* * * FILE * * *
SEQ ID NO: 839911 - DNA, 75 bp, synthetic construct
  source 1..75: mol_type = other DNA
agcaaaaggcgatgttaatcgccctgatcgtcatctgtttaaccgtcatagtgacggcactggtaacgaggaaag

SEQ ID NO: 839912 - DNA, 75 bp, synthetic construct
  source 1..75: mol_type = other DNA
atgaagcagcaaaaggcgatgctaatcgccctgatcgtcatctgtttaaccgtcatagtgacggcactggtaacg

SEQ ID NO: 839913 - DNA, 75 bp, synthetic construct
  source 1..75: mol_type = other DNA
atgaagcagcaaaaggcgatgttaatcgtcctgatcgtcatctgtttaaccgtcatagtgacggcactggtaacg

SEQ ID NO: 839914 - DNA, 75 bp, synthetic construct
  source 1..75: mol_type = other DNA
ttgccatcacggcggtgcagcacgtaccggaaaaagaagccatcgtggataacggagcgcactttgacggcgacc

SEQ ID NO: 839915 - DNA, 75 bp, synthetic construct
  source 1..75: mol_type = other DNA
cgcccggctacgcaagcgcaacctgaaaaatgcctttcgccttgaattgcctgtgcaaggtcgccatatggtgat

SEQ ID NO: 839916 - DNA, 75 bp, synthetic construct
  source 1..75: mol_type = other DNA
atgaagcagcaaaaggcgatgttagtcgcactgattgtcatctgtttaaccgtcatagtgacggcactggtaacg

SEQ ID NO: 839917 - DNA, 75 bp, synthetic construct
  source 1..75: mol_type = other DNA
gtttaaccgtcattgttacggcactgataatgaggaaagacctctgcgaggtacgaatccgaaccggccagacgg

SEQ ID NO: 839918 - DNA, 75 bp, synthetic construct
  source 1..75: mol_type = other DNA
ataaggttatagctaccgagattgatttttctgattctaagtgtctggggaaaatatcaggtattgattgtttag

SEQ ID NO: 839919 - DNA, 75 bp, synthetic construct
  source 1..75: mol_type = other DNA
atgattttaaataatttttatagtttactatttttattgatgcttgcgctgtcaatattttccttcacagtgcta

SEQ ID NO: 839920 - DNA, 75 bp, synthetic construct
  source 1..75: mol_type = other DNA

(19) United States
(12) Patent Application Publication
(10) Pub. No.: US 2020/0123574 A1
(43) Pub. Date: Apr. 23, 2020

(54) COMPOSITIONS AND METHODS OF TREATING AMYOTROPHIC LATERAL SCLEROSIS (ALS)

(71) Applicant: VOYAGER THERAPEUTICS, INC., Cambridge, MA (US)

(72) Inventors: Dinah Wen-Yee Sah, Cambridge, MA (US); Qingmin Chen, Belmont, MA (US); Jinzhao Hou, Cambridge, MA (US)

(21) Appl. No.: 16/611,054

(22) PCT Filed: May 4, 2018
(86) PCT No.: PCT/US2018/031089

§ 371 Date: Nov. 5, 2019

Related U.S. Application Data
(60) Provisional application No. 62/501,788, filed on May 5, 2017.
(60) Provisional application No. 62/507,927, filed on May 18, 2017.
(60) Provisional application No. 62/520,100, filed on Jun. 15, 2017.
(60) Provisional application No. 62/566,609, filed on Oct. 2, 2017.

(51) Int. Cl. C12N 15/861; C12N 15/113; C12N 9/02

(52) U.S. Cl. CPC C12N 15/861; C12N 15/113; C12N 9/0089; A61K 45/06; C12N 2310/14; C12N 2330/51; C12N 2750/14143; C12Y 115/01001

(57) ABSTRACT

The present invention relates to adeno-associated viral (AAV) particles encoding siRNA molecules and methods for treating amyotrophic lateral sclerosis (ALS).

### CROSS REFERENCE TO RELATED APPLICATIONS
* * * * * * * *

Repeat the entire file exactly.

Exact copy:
SEQ ID NO: 839911 - DNA, 75 bp, synthetic construct
  source 1..75: mol_type = other DNA
agcaaaaggcgatgttaatcgccctgatcgtcatctgtttaaccgtcatagtgacggcactggtaacgaggaaag

SEQ ID NO: 839912 - DNA, 75 bp, synthetic construct
  source 1..75: mol_type = other DNA
atgaagcagcaaaaggcgatgctaatcgccctgatcgtcatctgtttaaccgtcatagtgacggcactggtaacg

SEQ ID NO: 839913 - DNA, 75 bp, synthetic construct
  source 1..75: mol_type = other DNA
atgaagcagcaaaaggcgatgttaatcgtcctgatcgtcatctgtttaaccgtcatagtgacggcactggtaacg

SEQ ID NO: 839914 - DNA, 75 bp, synthetic construct
  source 1..75: mol_type = other DNA
ttgccatcacggcggtgcagcacgtaccggaaaaagaagccatcgtggataacggagcgcactttgacggcgacc

SEQ ID NO: 839915 - DNA, 75 bp, synthetic construct
  source 1..75: mol_type = other DNA
cgcccggctacgcaagcgcaacctgaaaaatgcctttcgccttgaattgcctgtgcaaggtcgccatatggtgat

SEQ ID NO: 839916 - DNA, 75 bp, synthetic construct
  source 1..75: mol_type = other DNA
atgaagcagcaaaaggcgatgttagtcgcactgattgtcatctgtttaaccgtcatagtgacggcactggtaacg

SEQ ID NO: 839917 - DNA, 75 bp, synthetic construct
  source 1..75: mol_type = other DNA
gtttaaccgtcattgttacggcactgataatgaggaaagacctctgcgaggtacgaatccgaaccggccagacgg

SEQ ID NO: 839918 - DNA, 75 bp, synthetic construct
  source 1..75: mol_type = other DNA
ataaggttatagctaccgagattgatttttctgattctaagtgtctggggaaaatatcaggtattgattgtttag

SEQ ID NO: 839919 - DNA, 75 bp, synthetic construct
  source 1..75: mol_type = other DNA
atgattttaaataatttttatagtttactatttttattgatgcttgcgctgtcaatattttccttcacagtgcta

SEQ ID NO: 839920 - DNA, 75 bp, synthetic construct
  source 1..75: mol_type = other DNA

(19) United States
(12) Patent Application Publication
(10) Pub. No.: US 2020/0123574 A1
(43) Pub. Date: Apr. 23, 2020

(54) COMPOSITIONS AND METHODS OF TREATING AMYOTROPHIC LATERAL SCLEROSIS (ALS)

(71) Applicant: VOYAGER THERAPEUTICS, INC., Cambridge, MA (US)

(72) Inventors: Dinah Wen-Yee Sah, Cambridge, MA (US); Qingmin Chen, Belmont, MA (US); Jinzhao Hou, Cambridge, MA (US)

(21) Appl. No.: 16/611,054

(22) PCT Filed: May 4, 2018
(86) PCT No.: PCT/US2018/031089

§ 371 Date: Nov. 5, 2019

Related U.S. Application Data
(60) Provisional application No. 62/501,788, filed on May 5, 2017.
(60) Provisional application No. 62/507,927, filed on May 18, 2017.
(60) Provisional application No. 62/520,100, filed on Jun. 15, 2017.
(60) Provisional application No. 62/566,609, filed on Oct. 2, 2017.

(51) Int. Cl. C12N 15/861; C12N 15/113; C12N 9/02

(52) U.S. Cl. CPC C12N 15/861; C12N 15/113; C12N 9/0089; A61K 45/06; C12N 2310/14; C12N 2330/51; C12N 2750/14143; C12Y 115/01001

(57) ABSTRACT

The present invention relates to adeno-associated viral (AAV) particles encoding siRNA molecules and methods for treating amyotrophic lateral sclerosis (ALS).

### CROSS REFERENCE TO RELATED APPLICATIONS